• Adler Planetarium (Chicago, IL) ($198,760) will develop digital engagement experiences for 6th-8th graders in under-resourced neighborhoods in Chicago and rural communities of Illinois. The Adler will work with an interdisciplinary team of museum practitioners, educators, astronomers, and visualization experts to engage students in STEAM learning within 3-D immersive environments, with hands-on and digital pre/post activities to deepen the impact.
  • Conner Prairie (Fishers, IN) ($320,666) will develop a digital learning initiative for preschool and K-8 teachers as an alternative to onsite field trips during the COVID-19 pandemic and beyond. The “Conner Prairie in the Classroom” project will provide an array of digital programming, complemented by “HiSTEAMic” hands-on classroom kits to support digital learning, digital backpacks to close the digital divide, and supplementary pre- and post-educational materials for educators and parents.

The National Park Service, in partnership with IMLS, the National Endowment for the Arts (NEA), and the National Endowment for the Humanities (NEH), announced $15,500,000 in Save America’s Treasures grants including the following Affiliate preservation and conservation projects:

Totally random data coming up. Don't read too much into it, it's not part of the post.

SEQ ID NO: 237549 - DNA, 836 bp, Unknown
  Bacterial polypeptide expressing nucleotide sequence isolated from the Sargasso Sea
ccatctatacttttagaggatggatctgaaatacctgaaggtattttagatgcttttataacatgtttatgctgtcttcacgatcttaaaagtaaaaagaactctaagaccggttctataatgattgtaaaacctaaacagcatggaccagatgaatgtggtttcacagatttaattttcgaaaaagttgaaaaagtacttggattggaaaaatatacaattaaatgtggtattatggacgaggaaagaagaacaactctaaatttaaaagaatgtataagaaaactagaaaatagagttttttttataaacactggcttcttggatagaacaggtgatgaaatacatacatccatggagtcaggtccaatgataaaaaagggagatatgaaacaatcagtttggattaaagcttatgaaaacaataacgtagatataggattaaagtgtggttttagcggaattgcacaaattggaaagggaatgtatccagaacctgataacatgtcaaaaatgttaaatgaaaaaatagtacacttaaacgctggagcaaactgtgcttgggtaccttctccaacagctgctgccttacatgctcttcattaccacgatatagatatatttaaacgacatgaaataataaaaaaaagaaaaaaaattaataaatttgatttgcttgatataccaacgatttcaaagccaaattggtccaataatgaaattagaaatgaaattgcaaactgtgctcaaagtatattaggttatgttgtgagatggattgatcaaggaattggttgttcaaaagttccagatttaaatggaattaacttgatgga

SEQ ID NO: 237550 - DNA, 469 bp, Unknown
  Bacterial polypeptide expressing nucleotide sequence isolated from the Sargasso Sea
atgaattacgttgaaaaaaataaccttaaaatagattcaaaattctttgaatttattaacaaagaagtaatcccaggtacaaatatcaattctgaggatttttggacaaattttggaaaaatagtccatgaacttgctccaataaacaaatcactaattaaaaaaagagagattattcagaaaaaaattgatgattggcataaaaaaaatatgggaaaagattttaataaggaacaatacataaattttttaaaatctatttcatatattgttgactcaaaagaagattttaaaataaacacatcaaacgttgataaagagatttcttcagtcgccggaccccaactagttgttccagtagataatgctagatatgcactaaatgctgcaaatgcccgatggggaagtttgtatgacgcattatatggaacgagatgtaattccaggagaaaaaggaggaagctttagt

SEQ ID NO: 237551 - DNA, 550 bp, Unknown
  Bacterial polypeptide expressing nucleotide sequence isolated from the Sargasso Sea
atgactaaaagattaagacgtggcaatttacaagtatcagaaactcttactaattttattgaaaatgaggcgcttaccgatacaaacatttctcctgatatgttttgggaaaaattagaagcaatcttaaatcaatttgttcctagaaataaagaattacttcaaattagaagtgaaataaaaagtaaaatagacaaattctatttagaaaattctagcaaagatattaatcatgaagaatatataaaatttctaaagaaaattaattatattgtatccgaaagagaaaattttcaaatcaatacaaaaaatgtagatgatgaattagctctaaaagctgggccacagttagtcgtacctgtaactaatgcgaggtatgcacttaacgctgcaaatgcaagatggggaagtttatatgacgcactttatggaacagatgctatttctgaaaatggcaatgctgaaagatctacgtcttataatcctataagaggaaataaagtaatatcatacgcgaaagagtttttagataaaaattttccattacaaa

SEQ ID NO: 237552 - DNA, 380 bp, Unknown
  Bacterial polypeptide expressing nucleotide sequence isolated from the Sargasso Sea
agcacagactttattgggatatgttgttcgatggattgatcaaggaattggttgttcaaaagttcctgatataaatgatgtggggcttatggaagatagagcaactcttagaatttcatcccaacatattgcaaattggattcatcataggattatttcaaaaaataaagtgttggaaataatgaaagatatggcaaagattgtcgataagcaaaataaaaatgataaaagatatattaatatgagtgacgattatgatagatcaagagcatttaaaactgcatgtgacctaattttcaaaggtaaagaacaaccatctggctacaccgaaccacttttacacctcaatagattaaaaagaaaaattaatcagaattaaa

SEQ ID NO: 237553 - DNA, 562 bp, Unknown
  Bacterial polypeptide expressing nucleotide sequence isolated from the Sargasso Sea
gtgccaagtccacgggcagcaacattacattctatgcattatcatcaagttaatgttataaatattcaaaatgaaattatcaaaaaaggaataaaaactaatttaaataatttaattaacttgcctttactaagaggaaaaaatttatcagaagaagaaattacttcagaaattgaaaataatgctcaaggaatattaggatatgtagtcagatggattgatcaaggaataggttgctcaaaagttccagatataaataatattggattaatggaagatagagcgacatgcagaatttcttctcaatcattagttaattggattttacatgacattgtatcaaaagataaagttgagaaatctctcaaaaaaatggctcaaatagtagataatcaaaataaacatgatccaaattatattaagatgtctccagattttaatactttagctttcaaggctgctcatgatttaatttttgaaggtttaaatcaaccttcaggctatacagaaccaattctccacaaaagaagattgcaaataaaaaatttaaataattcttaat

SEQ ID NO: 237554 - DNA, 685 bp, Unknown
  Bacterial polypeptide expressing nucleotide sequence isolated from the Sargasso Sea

• The Denver Museum of Nature and Science (Denver, CO) ($206,933) will inventory, process, and catalog the Jones-Miller Site, a Paleoindian Hell Gap period (ca. 10,500–11,500 years ago) bison kill site.
  • The Mississippi Department of Archives and History (Jackson, MS) ($291,109) will preserve its archaeological collections, which represent over 14,000 years of the state’s past.
  • Mystic Seaport Museum (Mystic, CT) ($52,300) will preserve and make accessible the newly acquired Witherill Ocean Liner Collection, which documents the evolution of ocean liners during a heightened period of immigration to the United States in the early to mid-twentieth century. The collection includes 7,500 pieces of documents, letters, brochures, and other ephemera pertaining to broad themes of American maritime history and culture, including accounts and documents from the Titanic and Lusitania disasters.